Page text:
Amica Rules

We’re insured (house, cars, personal property, liability, etc.) by Amica, a Rhode Island-based firm that I think is the best in the business.

Today they sent a letter explaining that an error in the rate created a lower insurance premium on my homeowner’s policy than should have been the case. I braced for the added amount due. The letter went on:

“We understand you trust us to provide you with timely and accurate policy information and we value your loyalty. Therefore, we are taking the unprecedented steps necessary to honor the lower premium stated in your renewal for the remainder of this policy period. However, we must correct the rates upon your renewal policy which may contribute to an increase in the cost of your insurance. As we embark on our 104th year of providing insurance coverage, Amica’s philosophy remains the same—courteous, professional service that exceeds your expectations. Without our valued, loyal policyholders, we would not be the company we are today.”

My policy doesn’t renew until September, 2011. I don’t think I need to say another word.

6 thoughts on “Amica Rules

  1. Great example on how small things makes all the difference needed. Here as related to customer retention. I bet many policy holders will talk positively about this to other customers and prospects, and hence this move will also add to customer acquisition.

    I admire “thinking” companies that connect both heart and mind, left and right brain in this way shown.

    As I do some advisory work with Customer Strategies (i.e. Attraction, Acquisition, Retention, Penetration, Migration, and Attrition) I will use this as a good example.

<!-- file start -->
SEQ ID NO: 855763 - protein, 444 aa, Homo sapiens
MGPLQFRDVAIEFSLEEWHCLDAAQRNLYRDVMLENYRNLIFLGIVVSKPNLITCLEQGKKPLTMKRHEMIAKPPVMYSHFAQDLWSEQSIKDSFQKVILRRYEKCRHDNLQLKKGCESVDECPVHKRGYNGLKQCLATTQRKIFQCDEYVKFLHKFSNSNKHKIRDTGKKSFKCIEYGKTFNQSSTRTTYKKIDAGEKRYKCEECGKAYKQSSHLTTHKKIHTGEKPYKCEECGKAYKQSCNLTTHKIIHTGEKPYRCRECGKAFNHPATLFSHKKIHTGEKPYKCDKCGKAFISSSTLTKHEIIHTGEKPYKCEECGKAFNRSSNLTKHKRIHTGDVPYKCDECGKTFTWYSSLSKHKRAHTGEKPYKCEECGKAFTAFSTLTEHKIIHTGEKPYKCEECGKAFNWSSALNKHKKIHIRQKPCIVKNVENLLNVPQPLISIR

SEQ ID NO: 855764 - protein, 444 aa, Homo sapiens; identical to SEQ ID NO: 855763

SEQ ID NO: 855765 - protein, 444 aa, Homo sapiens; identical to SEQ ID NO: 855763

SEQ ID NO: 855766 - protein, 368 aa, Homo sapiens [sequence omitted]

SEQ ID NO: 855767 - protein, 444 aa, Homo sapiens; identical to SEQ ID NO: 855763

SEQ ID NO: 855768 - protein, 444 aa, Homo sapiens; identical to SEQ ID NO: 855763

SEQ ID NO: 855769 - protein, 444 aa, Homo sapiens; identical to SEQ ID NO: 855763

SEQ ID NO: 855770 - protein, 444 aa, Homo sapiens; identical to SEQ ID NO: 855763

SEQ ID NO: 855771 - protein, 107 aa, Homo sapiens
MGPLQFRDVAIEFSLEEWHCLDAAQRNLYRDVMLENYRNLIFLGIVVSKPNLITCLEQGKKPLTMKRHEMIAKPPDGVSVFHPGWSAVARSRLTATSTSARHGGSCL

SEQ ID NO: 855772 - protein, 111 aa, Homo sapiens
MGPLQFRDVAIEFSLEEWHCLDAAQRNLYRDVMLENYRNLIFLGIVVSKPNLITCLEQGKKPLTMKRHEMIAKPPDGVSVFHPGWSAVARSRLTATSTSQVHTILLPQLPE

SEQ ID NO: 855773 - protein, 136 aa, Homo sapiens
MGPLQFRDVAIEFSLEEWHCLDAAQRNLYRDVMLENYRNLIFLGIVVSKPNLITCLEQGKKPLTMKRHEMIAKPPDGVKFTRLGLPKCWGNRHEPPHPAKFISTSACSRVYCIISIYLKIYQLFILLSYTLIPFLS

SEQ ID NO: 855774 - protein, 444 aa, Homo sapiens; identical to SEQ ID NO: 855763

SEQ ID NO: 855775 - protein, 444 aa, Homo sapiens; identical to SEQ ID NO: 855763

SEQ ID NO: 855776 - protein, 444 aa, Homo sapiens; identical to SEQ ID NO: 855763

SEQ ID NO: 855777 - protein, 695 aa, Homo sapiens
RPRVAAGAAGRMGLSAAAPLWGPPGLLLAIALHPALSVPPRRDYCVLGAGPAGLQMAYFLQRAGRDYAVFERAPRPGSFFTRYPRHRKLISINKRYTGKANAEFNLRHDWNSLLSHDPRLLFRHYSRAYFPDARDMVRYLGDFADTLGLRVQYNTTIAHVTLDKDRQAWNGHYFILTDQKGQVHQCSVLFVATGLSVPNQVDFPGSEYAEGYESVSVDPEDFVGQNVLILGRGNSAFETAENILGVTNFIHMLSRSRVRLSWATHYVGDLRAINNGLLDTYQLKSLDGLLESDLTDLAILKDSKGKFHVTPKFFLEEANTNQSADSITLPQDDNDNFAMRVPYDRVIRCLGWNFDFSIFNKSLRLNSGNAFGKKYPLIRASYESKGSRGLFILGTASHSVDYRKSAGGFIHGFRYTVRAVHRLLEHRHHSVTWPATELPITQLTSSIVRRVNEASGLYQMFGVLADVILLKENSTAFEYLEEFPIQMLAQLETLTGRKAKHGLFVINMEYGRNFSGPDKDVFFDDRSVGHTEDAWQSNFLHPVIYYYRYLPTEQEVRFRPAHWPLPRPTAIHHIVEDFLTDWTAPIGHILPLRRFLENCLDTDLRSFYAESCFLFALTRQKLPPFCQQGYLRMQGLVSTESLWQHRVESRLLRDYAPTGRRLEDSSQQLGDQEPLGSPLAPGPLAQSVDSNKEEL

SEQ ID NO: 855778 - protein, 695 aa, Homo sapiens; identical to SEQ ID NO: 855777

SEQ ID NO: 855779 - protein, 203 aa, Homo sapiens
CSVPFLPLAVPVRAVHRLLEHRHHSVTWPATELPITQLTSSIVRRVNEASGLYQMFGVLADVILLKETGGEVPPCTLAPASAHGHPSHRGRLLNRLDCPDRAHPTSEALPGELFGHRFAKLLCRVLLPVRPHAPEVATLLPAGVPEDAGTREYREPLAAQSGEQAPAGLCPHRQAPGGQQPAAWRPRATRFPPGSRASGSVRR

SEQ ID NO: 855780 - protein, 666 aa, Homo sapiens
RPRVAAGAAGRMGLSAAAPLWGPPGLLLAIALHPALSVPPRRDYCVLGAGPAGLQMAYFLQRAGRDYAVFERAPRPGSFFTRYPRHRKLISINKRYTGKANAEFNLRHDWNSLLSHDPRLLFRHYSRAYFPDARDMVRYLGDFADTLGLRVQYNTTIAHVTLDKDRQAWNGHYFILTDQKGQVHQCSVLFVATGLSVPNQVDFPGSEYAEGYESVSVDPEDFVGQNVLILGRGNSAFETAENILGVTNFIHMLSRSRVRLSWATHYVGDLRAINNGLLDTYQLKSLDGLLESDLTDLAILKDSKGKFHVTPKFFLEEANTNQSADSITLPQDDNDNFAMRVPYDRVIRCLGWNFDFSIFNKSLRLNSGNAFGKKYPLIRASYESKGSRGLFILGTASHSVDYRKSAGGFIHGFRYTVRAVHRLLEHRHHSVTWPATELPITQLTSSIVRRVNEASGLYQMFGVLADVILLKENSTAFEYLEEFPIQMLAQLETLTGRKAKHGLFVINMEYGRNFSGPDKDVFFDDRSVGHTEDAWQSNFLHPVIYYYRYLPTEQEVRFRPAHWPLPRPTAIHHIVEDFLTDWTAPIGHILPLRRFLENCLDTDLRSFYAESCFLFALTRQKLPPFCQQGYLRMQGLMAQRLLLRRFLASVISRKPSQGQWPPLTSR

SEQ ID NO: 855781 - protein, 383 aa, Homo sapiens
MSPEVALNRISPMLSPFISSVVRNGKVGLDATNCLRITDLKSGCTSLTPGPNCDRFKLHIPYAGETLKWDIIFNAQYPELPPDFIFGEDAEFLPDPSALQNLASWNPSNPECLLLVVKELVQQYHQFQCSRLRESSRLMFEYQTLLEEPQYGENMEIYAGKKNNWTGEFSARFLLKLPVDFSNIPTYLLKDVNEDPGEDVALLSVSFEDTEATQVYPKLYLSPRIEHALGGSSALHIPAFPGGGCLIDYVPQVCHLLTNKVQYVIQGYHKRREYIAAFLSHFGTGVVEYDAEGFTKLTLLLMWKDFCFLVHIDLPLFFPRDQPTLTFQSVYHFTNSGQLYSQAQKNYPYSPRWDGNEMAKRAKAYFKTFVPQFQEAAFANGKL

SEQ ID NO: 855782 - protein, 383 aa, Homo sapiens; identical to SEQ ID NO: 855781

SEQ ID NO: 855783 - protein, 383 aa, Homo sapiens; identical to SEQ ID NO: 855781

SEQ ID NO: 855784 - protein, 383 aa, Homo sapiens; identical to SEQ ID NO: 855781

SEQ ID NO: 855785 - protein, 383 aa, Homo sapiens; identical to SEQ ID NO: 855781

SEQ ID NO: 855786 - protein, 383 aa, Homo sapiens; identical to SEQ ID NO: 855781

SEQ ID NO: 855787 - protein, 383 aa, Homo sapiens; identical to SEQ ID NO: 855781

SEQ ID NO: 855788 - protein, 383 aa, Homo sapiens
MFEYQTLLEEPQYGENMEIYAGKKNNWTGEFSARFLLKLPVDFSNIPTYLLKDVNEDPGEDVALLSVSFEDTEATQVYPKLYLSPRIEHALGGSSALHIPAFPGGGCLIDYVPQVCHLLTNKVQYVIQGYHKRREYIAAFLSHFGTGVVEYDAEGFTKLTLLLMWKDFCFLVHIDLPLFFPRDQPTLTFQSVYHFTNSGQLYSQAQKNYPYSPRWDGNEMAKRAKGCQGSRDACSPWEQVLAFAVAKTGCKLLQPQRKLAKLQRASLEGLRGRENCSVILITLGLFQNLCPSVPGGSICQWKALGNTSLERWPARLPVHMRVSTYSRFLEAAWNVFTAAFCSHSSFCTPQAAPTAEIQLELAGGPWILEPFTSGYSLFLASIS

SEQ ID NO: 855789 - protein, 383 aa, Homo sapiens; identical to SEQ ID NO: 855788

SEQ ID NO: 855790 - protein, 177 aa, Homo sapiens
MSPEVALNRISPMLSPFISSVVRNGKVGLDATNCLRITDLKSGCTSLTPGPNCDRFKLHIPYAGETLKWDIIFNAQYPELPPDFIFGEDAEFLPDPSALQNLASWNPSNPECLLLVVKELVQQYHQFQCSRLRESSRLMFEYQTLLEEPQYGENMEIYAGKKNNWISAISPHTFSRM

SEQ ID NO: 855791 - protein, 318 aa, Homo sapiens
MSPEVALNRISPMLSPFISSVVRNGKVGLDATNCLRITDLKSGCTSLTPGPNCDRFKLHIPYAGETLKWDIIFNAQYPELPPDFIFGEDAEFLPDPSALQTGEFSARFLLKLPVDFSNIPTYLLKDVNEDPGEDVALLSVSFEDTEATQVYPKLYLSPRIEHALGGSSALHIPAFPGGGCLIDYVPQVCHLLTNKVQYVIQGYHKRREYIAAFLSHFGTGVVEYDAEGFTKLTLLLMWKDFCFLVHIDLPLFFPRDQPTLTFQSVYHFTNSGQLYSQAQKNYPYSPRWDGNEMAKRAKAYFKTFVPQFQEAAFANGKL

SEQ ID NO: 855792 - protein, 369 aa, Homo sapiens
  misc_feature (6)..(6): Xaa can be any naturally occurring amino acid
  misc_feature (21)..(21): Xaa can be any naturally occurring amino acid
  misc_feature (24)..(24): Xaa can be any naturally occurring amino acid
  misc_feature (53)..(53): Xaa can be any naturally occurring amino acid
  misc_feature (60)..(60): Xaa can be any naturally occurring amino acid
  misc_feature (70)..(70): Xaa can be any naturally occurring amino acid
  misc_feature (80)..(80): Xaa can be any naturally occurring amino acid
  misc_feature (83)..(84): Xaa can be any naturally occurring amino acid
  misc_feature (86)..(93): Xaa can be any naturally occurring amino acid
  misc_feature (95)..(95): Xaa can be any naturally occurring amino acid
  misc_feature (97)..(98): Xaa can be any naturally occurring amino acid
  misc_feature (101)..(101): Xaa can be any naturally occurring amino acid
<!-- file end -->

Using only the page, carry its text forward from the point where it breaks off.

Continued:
Thanks, Alan.

    Bjorn H Lindback

  2. We had a similar experience with … PSE&G (our gas & electric company). They realized for months they did not charge us for electricity properly. The added amount was to be around $4,000. The bill said we had to pay it within 30 days. … that is until we opened the next letter from PSE&G which explained it was their error and they would eat the $4,000 but understand that our next bill will include the monthly electric charge.

    Not that we would have had a choice…it was very nice of PSE&G to forfeit the $4k.

  3. As an insurance industry professional, I’m not sure that people outside of the industry will recognize just how unprecedented this really is. The fact that they honored the lower premium may or may not have been their choice. Insurance regulations make the tax code look like Dr. Seuss’s work. But the attitude conveyed in the post, the fact that they were pro-active, the tone of the letter, the recognition that you are a customer and that the mistake was not yours, well that in my opinion is sadly unprecedented. There are many great companies and many great people in this business, unfortunately we don’t hear about them enough. Thank you Amica.

  4. It’s good to hear these.

    The gas company here sent me a $5,000 bill for one month, out of the blue. I pointed this out to them, and they said, “We’ll send a crew.”

    “Why?” I asked.

    “Because there’s obviously something wrong with your meter!”

  5. Guy, excellent points. I wish Citizen’s Bank here would act the same way. Instead, they try to squeeze every penny they can from customers, rather than build relationships even with excellent customers. The best and the worst right here in Providence.

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